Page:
Select Committee on Home Affairs Minutes of Evidence

Examination of Witness (Questions 1204 - 1219)



  Chairman: Good morning, Minister, and welcome. This is probably the final session we are going to have on our drugs inquiry, although there is a possibility we will take a witness from Sweden whom we have had some difficulty tracking down; otherwise it is our final session and we hope to complete our report by April. Thank you very much for coming. We are going to start, if we may, with some general questions.

Mr Cameron

1204.  Good morning, Minister. Has the Home Office done, or do you intend to do, any studies looking at the benefits and disbenefits of legalising some or all drugs?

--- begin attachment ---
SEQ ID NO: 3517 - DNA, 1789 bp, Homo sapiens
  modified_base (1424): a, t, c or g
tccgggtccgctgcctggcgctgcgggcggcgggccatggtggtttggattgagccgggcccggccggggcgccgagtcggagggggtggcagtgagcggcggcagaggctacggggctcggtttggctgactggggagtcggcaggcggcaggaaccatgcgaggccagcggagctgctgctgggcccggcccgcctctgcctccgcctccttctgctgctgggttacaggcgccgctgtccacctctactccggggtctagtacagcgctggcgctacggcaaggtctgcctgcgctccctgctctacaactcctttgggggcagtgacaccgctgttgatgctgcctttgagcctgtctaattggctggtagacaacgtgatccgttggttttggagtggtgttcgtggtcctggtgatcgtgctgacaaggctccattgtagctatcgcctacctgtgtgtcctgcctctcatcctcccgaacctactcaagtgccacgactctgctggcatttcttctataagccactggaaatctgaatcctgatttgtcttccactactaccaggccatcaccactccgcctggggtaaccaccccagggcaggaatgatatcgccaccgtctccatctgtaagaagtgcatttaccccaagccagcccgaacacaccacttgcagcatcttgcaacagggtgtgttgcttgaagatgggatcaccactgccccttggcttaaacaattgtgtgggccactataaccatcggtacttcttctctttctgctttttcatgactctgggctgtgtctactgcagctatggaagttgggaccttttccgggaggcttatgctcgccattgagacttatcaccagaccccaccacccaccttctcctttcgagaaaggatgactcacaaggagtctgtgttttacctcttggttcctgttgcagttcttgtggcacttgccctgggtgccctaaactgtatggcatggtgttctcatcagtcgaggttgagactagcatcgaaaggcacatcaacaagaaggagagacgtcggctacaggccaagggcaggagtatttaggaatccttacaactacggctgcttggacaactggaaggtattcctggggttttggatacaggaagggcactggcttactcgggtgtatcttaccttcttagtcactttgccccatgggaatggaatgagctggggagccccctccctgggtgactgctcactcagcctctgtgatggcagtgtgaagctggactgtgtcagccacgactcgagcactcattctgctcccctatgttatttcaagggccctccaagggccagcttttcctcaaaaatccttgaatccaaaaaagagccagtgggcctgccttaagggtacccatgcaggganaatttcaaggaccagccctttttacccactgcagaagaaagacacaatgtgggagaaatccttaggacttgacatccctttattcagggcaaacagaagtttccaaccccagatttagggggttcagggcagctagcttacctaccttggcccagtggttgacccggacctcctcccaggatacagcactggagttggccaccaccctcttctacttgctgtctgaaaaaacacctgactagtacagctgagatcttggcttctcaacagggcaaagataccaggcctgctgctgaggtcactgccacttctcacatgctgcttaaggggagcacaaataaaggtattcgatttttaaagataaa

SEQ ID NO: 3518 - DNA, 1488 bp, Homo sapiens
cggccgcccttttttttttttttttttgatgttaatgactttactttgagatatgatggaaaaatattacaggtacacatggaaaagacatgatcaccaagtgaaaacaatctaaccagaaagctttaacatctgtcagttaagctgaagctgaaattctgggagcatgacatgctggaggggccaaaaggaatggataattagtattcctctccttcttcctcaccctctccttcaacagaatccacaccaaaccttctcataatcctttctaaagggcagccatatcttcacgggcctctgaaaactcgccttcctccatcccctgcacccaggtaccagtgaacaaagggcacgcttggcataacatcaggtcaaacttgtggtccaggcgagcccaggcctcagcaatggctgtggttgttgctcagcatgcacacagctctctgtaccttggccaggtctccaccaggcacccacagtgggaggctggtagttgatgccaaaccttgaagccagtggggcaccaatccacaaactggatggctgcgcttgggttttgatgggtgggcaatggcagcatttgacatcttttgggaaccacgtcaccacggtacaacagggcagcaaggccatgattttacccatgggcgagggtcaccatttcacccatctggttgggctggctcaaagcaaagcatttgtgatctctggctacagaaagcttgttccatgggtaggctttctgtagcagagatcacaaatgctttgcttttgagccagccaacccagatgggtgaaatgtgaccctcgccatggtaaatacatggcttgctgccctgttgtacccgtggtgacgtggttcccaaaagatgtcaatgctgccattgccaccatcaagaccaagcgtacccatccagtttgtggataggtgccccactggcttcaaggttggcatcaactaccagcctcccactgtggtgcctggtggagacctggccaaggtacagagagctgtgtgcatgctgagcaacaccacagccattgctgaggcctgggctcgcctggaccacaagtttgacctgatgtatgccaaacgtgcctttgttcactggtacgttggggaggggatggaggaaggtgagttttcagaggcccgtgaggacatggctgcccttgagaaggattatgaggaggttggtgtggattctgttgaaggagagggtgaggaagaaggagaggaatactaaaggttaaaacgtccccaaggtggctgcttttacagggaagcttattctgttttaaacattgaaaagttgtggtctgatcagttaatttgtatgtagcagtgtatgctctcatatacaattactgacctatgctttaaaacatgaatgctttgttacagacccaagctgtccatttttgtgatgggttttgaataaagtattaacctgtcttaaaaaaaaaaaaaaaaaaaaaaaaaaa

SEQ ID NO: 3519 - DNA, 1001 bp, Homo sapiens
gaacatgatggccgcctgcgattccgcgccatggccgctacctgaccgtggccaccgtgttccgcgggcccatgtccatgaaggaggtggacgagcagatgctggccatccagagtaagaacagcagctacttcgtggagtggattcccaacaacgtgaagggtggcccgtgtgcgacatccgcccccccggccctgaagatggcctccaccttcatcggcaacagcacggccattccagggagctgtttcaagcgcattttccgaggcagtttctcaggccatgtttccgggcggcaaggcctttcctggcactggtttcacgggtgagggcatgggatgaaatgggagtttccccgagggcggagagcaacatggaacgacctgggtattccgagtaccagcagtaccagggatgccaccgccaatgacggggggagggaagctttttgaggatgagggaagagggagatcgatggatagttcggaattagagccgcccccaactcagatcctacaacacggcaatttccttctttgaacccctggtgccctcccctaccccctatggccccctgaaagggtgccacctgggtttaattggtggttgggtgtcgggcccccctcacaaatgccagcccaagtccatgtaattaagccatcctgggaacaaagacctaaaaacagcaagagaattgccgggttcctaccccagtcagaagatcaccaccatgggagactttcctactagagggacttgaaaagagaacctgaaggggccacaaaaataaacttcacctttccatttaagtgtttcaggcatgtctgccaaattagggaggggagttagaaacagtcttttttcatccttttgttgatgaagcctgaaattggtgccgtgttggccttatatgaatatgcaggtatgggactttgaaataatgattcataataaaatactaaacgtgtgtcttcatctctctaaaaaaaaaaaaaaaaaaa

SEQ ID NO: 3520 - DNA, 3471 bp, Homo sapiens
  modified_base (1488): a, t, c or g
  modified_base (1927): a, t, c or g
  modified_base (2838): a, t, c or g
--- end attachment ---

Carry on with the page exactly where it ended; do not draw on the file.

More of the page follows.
(Mr Ainsworth) Can I just say, I have followed some of the evidence that has been given to the Home Affairs Select Committee over the period of your inquiry now and I know this question was asked of officials right at the very start. There have been some attempts to scope the issues but it would be very difficult to actually pin down the whole costs of such a move of policy. That is really a matter for ministers rather than for officials and I thought that at the time—to pin officials to the wall on what they should or should not have been doing in this regard. That is another area we are actively looking at and, therefore, it is not an area we have asked officials to spend great amounts of resource exploring. There is a lobby for legalisation; and there is a lobby for criminalisation. I am not sure people always understand what they are arguing for within those two definitions. I think it is often the case that those who advocate legalisation advocate it as a potential panacea for many of the costs that are imposed upon the criminal justice system, without necessarily looking at the downside in terms of the fact that I think it is proven beyond all doubt that illegality discourages use; that legalisation would lead, to some degree, to an increase in use. That is proven by surveys that come back that say directly people are discouraged from using some of these substances by the fact that they are illegal. It is also self-evident from the fact that, to some extent, availability has got to be suppressed by the very fact that they are not legally available. When you look at the public health consequences and the individual health consequences of what could be a very substantial increase in use, it is not something we are contemplating; and, therefore, it is not something that we are giving large amounts of money on.